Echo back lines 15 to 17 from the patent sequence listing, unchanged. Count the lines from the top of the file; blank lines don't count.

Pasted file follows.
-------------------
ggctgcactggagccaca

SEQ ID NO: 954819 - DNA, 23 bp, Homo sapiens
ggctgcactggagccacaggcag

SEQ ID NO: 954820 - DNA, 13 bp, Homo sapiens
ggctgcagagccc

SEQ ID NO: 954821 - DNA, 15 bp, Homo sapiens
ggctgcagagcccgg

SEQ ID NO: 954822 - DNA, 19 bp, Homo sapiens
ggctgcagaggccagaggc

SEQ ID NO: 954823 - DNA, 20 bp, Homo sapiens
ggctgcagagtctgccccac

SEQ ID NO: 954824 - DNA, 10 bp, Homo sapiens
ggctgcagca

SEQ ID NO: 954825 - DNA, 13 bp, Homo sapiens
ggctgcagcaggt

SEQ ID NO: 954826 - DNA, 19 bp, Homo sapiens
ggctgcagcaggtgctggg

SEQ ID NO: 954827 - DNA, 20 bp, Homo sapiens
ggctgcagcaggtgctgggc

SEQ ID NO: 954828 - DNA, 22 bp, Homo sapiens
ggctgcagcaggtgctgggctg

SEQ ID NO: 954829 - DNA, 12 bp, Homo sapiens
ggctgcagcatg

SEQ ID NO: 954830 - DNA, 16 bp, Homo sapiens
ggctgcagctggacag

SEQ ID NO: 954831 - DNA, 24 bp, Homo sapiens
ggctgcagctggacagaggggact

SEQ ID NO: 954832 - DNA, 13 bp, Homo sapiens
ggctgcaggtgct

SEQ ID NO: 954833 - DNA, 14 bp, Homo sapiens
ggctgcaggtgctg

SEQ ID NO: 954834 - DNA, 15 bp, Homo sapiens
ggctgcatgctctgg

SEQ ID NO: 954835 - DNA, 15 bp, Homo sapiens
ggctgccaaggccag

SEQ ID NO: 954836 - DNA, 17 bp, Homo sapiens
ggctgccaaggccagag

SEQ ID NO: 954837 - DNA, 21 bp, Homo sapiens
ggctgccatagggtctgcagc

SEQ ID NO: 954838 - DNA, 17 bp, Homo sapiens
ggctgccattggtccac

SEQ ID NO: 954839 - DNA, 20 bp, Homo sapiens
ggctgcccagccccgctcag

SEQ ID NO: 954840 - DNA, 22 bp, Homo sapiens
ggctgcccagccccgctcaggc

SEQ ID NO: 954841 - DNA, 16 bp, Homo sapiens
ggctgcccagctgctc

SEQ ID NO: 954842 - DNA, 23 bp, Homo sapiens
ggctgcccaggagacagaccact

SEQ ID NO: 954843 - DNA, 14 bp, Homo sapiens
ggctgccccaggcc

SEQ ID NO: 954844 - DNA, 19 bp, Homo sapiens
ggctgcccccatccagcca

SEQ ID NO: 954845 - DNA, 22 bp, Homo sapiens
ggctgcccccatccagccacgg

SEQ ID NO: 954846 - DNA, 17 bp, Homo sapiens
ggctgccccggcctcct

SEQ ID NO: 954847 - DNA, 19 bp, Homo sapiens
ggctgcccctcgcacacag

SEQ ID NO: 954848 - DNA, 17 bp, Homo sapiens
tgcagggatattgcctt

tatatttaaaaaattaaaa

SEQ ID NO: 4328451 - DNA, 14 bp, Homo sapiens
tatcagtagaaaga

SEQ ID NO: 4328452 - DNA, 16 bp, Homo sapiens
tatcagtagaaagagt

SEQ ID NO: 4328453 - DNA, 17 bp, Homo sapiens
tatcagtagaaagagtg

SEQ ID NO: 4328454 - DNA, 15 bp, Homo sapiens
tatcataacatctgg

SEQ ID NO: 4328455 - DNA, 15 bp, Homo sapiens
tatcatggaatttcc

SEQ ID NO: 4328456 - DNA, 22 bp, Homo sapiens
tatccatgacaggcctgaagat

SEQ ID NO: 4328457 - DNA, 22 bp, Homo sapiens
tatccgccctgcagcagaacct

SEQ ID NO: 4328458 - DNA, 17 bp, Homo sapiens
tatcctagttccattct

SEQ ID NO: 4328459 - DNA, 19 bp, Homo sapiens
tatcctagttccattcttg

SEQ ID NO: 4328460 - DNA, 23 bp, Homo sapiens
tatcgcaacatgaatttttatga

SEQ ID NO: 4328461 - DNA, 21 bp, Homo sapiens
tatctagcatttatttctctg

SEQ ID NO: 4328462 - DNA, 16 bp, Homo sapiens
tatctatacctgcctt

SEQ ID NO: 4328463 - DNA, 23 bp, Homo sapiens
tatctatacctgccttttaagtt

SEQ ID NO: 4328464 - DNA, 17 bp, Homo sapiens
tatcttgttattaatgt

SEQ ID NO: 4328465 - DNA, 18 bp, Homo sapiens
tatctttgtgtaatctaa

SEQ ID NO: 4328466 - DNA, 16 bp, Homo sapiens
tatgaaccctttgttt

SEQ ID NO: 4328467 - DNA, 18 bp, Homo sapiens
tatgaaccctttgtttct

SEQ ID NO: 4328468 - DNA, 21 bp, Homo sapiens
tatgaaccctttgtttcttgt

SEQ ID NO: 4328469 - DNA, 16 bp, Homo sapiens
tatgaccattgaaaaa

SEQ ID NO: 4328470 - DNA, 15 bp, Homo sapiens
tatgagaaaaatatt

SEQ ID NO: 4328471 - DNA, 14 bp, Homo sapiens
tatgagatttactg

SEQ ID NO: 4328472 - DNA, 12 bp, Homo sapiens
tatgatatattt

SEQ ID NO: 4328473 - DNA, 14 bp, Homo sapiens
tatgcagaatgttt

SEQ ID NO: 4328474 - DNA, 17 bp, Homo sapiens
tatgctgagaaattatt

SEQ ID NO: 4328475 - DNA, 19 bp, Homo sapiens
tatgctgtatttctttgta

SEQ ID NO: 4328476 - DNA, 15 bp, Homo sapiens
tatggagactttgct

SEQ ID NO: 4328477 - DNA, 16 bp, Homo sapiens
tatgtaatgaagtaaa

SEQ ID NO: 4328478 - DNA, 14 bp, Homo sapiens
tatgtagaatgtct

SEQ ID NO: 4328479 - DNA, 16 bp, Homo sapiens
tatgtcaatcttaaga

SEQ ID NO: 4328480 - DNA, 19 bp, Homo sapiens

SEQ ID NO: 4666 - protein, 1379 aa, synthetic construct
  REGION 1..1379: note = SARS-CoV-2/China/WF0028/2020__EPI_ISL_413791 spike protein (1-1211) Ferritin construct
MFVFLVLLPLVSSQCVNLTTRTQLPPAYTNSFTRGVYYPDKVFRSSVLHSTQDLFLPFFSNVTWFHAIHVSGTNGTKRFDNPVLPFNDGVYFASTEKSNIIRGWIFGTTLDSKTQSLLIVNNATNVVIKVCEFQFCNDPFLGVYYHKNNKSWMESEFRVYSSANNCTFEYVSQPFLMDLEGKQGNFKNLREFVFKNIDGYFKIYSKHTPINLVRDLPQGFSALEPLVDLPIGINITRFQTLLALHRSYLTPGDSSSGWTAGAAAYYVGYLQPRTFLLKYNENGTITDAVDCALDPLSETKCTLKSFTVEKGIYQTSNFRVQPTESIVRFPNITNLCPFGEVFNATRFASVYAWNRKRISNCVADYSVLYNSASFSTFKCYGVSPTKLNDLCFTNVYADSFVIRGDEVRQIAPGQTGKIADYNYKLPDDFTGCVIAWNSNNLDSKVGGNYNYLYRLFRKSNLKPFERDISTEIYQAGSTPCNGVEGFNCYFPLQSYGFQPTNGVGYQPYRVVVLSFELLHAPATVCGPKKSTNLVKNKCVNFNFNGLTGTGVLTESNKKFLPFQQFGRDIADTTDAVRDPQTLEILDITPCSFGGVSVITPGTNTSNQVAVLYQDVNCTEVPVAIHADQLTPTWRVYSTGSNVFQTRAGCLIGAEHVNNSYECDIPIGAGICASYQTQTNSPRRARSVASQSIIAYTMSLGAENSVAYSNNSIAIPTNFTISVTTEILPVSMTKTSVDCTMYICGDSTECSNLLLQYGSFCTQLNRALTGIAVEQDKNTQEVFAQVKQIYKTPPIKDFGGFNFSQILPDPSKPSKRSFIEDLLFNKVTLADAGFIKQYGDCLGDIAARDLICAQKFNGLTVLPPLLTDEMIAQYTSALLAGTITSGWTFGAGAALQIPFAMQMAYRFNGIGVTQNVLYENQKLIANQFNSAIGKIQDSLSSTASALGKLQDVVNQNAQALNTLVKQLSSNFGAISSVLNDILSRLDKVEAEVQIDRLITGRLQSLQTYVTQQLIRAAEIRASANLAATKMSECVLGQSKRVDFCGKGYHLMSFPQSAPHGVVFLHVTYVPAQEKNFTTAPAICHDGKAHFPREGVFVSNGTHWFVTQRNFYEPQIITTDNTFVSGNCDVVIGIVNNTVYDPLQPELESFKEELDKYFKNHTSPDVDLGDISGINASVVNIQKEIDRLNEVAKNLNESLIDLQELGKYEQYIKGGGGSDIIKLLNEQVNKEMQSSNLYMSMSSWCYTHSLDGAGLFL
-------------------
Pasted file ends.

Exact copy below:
ggctgcagcaggt

SEQ ID NO: 954826 - DNA, 19 bp, Homo sapiens
ggctgcagcaggtgctggg